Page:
Jay Carney’s Message To Reporters ‘Screamed At’ By Sources: Toughen Up


At Wednesday’s White House daily briefing, Fox News Chief White House Correspondent Ed Henry asked Press Secretary Jay Carney to respond to a report that a White House official had “screamed and cussed at” CBS News reporter Sharyl Attkisson, over the unfolding Fast and Furious story. Carney said he didn’t know about that specific conversation, but elaborated in his response that, in general, “hard-bitten journalists” ought to be able to handle “tough conversations” and “an extra decibel or two in a phone conversation.”

Henry related Attkisson’s claim, which she made on Laura Ingraham‘s radio show. “Sharyl Attkisson, a CBS News reporter, said, a few days ago that a White House official just yelled and screamed at her, she’s been reporting on this for some time, about this whole story,” Henry said.

He then framed his question within Carney’s experience as a journalist. “You were a reporter once, when government officials start yelling at you, sometimes it’s because they’re getting defensive, right?”

“I have no insight into the conversation she may, or may not, have had,” Carney began.  “I know that you guys are all hard-bitten veteran journalists, and probably don’t complain when you have tough conversations with sources sometimes.”

He added, “Again, this is just generally speaking, I don’t know about it.”

Henry, unsatisfied with the response,  followed up by asking, “She said this on the record, that she was yelled at and screamed at. Why would the administration be yelling at her about this story?”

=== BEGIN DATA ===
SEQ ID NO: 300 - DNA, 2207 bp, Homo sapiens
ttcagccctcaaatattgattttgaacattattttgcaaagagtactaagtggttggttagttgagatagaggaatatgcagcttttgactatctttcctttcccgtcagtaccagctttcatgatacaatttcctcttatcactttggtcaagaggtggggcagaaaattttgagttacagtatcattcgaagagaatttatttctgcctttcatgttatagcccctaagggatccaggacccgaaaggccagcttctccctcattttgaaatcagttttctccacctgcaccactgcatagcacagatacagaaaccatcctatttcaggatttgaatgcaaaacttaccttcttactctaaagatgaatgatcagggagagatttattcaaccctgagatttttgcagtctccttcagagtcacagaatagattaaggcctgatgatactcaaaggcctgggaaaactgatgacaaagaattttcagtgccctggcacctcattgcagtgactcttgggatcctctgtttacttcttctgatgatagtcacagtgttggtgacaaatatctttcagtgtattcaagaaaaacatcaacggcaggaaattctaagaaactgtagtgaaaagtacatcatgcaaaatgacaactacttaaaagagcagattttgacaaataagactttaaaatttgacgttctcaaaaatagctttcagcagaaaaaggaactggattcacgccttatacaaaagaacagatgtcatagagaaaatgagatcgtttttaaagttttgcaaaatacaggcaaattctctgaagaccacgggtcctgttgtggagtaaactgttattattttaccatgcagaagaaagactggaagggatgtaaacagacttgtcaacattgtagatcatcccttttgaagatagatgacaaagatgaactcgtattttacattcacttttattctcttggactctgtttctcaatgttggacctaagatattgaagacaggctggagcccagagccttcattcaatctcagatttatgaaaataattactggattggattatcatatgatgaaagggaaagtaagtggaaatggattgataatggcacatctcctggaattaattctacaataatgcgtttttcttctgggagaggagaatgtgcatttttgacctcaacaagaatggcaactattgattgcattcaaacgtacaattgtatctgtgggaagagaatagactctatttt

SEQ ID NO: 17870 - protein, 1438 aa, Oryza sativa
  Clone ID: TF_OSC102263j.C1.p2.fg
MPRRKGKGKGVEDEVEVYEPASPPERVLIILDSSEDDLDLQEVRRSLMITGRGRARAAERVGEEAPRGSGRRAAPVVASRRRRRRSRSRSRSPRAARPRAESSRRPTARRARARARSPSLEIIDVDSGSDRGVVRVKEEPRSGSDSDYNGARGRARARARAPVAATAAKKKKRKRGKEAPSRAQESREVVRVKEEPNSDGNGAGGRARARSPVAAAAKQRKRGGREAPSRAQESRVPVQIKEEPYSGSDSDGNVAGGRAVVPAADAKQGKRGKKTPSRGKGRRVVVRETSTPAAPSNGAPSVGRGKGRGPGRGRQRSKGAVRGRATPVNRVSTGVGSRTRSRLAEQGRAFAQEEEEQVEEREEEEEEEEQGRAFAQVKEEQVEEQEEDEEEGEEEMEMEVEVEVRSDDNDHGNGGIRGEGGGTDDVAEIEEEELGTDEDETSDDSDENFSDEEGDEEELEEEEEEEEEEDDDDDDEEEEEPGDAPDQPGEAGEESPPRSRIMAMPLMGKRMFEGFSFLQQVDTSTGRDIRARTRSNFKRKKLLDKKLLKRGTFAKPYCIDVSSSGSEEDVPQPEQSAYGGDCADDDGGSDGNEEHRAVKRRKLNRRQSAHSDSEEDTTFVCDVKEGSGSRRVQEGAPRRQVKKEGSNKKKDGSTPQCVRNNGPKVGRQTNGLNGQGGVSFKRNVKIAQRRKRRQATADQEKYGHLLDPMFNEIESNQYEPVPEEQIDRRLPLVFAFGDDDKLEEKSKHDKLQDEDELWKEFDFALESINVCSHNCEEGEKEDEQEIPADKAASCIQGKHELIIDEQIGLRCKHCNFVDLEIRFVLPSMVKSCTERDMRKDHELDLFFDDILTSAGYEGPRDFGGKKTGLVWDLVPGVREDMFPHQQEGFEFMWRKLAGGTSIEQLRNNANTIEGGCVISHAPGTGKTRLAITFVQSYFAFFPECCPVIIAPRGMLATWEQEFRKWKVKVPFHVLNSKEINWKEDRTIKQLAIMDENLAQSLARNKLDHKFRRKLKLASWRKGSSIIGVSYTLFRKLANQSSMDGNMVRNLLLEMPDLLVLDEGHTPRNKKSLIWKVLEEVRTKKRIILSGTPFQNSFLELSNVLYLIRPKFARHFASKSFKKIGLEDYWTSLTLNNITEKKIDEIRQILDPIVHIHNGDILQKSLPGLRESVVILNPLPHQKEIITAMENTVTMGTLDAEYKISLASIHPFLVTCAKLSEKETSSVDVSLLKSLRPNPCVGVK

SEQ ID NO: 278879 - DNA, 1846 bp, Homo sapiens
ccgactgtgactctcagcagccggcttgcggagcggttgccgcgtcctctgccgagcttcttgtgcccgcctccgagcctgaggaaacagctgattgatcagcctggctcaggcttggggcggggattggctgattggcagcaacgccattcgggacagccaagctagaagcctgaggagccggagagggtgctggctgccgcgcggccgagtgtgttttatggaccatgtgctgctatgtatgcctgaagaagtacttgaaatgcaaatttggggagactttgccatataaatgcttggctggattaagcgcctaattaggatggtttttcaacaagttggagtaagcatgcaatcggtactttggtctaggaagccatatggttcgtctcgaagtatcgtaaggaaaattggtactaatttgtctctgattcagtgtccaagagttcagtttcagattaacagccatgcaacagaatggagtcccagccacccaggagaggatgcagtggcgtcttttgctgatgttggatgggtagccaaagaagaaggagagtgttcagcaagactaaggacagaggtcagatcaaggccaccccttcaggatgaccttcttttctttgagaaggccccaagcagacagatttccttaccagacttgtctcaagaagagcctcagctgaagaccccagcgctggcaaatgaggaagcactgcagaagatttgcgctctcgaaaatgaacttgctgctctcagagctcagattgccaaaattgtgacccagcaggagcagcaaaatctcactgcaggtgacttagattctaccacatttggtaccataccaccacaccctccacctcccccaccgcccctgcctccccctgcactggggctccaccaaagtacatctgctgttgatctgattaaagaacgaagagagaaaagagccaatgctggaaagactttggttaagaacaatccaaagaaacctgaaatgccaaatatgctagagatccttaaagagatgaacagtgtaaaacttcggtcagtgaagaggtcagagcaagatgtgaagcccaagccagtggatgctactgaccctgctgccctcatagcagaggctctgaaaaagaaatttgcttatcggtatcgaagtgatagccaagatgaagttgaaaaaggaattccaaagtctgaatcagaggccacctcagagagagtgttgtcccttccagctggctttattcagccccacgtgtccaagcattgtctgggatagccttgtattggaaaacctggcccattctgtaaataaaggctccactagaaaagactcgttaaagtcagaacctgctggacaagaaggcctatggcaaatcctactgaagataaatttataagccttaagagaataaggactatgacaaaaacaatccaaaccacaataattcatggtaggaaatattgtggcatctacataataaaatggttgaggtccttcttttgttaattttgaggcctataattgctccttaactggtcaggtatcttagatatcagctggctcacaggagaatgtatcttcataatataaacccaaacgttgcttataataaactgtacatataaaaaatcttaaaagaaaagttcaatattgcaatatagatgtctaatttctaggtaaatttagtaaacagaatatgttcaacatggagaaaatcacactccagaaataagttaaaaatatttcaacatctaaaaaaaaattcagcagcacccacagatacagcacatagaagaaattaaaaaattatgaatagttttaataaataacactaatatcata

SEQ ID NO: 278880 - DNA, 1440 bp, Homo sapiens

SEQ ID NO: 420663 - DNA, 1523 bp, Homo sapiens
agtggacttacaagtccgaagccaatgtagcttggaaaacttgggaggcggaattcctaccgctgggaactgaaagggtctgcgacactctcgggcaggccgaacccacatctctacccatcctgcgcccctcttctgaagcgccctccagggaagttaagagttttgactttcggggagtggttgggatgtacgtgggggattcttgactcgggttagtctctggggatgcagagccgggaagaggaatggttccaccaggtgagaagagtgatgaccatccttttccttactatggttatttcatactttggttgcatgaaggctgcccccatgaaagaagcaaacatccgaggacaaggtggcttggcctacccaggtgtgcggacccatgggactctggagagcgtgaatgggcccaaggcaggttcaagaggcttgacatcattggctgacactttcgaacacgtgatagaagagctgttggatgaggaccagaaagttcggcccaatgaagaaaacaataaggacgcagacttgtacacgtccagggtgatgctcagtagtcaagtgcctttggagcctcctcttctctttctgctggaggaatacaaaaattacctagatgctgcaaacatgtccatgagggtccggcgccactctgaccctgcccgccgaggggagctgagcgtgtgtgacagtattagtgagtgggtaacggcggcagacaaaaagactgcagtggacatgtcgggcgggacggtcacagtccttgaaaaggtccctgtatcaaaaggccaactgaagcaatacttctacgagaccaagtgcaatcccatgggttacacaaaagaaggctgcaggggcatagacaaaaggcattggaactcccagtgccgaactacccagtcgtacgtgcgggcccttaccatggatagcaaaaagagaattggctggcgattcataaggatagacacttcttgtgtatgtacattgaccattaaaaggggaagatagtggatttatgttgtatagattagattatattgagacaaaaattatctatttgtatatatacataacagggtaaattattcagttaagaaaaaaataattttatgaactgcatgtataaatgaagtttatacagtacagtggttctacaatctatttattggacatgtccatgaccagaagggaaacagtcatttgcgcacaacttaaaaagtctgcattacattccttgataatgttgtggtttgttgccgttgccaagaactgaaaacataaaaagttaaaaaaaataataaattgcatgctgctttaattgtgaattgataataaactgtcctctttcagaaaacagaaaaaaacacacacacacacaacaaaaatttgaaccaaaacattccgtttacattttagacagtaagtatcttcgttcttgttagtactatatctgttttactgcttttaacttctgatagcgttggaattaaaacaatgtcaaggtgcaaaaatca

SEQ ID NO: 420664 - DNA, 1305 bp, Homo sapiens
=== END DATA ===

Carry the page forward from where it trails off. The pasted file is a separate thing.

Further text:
“Again, I don’t…I take issue with the report,” Carney said. “I don’t know that it’s true. What I think is that I know you are tough enough to handle an extra decibel or two in a phone conversation. I’m not sure that that happened here, but it’s surprising to me.”

There’s a lot of reading between the lines to be done here, of course. The idea that Carney hasn’t spoken to Eric Schultz about Attkisson’s claim is absurd, but that’s not what Carney said. He obviously didn’t want to engage in a “he said, she said” over a conversation that, apparently, wasn’t taped, but also wanted to defuse the story somewhat.

The issue here, though, isn’t a “tough conversation,” or a couple of decibels. I’ve been reporting on this White House for nearly three years now, and I’ve irritated more than my fair share of press aides, but I’ve never been cursed at by one, at least not to my face. Whether Carney wants to air it out publicly or not, it’s a good bet Schultz won’t be cursing out any other reporters, anytime soon.

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